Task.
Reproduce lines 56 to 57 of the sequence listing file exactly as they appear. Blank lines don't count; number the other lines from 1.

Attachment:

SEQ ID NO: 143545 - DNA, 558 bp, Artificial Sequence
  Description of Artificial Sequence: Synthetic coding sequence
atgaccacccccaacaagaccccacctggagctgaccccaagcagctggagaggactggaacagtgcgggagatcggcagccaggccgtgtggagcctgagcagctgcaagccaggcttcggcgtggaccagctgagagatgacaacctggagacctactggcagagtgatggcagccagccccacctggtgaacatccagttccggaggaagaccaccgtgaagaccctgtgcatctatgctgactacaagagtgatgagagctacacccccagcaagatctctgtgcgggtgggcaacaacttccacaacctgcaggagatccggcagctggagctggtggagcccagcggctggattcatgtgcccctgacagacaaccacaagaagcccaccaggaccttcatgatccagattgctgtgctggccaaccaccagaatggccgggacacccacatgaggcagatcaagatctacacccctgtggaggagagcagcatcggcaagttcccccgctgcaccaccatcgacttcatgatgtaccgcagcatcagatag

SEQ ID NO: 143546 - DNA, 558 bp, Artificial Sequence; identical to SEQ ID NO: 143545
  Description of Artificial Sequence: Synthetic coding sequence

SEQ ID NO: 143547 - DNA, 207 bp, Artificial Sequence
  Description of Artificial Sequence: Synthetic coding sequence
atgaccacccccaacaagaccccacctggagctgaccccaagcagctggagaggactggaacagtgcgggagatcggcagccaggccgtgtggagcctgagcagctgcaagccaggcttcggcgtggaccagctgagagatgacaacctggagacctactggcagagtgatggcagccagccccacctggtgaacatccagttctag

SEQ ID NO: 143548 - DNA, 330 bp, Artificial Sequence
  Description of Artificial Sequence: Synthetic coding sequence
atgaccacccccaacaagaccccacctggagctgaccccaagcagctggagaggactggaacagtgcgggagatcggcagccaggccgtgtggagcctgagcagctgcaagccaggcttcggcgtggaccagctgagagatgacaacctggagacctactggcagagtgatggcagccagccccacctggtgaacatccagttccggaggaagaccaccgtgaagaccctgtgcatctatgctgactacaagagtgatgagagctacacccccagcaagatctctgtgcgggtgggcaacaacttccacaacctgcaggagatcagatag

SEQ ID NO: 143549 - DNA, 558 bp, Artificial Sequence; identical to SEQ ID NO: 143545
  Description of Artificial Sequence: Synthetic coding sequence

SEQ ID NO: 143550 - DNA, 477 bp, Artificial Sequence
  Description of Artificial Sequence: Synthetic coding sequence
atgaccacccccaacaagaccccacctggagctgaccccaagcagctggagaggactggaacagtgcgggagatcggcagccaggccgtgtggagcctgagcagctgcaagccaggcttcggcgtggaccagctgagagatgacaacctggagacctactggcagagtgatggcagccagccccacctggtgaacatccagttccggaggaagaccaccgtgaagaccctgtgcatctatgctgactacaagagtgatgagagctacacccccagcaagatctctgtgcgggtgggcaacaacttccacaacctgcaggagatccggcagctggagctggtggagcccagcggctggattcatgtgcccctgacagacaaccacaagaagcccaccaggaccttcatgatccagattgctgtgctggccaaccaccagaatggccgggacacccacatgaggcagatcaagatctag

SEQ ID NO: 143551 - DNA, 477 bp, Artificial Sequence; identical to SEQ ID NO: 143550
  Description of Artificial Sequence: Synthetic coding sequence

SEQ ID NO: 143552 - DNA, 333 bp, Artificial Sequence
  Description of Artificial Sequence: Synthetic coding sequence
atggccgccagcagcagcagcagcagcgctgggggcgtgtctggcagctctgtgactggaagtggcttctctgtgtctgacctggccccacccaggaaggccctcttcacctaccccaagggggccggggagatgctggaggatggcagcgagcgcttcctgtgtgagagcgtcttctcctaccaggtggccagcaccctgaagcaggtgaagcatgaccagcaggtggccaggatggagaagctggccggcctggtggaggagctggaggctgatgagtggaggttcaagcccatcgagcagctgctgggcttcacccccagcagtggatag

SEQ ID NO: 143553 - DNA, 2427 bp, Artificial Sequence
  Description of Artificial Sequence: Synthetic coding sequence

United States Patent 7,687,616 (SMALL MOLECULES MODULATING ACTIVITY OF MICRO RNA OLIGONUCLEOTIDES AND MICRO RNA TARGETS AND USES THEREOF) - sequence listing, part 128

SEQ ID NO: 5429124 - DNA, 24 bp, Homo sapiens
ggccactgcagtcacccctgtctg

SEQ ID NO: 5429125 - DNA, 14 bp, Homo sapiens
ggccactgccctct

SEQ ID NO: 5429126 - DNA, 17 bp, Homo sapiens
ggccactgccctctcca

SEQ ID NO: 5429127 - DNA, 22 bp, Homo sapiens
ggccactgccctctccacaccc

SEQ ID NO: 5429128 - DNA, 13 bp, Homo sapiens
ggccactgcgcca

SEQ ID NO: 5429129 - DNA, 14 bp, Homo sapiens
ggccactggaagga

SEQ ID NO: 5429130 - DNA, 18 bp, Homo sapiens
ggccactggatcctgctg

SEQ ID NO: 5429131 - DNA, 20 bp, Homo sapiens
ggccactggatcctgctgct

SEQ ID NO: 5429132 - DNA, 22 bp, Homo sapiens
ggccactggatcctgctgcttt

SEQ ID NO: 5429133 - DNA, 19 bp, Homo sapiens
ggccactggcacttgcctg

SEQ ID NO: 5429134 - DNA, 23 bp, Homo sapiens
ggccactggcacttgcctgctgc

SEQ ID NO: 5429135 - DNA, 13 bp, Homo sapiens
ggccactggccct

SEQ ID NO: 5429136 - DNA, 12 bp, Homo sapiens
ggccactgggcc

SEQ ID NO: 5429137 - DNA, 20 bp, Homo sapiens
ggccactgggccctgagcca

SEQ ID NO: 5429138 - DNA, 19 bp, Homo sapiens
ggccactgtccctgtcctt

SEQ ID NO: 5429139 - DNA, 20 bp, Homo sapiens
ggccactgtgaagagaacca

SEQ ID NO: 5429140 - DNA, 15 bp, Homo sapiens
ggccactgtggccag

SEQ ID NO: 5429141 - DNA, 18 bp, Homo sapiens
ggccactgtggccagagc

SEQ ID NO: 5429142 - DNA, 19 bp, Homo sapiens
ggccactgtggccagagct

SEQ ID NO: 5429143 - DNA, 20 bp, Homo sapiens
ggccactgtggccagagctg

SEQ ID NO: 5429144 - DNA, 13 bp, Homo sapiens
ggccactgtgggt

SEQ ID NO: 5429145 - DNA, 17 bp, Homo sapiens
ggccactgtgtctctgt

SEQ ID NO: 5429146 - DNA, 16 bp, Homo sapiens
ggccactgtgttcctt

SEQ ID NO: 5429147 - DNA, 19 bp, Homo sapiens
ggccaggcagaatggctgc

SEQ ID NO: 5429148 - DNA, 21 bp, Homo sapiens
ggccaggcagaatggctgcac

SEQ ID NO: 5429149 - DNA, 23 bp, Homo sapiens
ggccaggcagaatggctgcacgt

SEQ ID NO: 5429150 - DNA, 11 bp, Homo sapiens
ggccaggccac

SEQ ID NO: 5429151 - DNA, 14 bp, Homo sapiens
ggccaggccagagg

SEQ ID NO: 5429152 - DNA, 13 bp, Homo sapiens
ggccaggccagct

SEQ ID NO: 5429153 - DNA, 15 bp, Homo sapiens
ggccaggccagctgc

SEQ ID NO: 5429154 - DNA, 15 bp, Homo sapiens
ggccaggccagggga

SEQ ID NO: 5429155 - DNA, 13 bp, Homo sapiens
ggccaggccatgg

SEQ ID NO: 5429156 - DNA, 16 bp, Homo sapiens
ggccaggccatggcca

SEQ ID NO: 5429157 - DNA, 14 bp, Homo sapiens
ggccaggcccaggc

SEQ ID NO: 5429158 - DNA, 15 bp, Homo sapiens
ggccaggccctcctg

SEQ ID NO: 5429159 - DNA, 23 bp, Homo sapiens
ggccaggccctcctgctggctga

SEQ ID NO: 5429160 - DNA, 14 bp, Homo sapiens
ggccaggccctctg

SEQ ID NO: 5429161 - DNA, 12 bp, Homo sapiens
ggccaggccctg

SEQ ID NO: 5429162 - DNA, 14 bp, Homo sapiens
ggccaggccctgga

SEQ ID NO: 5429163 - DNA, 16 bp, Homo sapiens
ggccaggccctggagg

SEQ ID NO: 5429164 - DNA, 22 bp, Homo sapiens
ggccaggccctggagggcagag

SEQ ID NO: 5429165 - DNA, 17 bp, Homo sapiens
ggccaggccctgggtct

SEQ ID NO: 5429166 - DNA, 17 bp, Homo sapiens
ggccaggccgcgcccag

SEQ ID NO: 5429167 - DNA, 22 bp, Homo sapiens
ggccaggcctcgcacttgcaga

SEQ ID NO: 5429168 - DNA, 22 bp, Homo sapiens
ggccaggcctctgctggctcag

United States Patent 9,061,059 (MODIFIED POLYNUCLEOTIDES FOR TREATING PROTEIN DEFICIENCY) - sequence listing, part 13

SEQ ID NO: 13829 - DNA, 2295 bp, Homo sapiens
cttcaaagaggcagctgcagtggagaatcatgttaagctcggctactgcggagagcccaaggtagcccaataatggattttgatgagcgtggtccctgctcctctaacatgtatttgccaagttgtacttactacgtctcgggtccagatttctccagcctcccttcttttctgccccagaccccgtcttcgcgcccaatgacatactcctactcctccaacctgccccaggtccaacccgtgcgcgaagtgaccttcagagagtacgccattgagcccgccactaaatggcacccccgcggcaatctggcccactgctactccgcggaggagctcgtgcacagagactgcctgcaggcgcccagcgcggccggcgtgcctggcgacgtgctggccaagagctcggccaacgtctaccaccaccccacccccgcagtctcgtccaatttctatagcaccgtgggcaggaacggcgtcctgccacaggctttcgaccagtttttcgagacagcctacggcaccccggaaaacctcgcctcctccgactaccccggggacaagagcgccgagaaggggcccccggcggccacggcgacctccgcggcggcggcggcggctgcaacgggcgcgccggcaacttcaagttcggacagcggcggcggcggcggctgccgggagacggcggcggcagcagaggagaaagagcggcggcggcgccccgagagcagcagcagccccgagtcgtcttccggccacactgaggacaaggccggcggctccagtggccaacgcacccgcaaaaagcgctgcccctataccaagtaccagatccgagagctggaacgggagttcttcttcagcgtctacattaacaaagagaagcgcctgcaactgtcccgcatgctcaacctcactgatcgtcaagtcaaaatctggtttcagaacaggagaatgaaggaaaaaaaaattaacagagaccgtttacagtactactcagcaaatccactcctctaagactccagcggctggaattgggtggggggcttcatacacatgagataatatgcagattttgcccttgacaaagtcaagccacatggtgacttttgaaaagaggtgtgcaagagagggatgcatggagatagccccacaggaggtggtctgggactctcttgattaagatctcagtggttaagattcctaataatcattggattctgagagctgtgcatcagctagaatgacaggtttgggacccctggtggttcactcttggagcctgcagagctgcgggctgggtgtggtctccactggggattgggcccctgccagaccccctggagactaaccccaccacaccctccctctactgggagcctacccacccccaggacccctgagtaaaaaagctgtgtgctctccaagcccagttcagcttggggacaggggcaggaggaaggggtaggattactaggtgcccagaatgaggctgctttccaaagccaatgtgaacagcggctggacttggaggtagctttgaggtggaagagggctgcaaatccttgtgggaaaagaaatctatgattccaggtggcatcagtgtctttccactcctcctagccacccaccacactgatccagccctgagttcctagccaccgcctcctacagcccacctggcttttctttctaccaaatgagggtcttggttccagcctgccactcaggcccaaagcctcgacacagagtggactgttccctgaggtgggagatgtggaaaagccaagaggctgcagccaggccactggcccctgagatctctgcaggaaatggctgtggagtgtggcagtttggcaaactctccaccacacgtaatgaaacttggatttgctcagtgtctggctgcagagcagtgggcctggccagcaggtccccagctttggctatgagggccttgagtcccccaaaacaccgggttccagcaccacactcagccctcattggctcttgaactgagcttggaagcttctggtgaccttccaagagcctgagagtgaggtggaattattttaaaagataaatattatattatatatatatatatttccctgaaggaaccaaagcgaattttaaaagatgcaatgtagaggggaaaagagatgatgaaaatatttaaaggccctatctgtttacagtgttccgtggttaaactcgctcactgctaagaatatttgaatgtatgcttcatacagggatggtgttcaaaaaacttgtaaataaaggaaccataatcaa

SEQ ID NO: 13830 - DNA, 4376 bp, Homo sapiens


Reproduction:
ggccactgtgaagagaacca

SEQ ID NO: 5429140 - DNA, 15 bp, Homo sapiens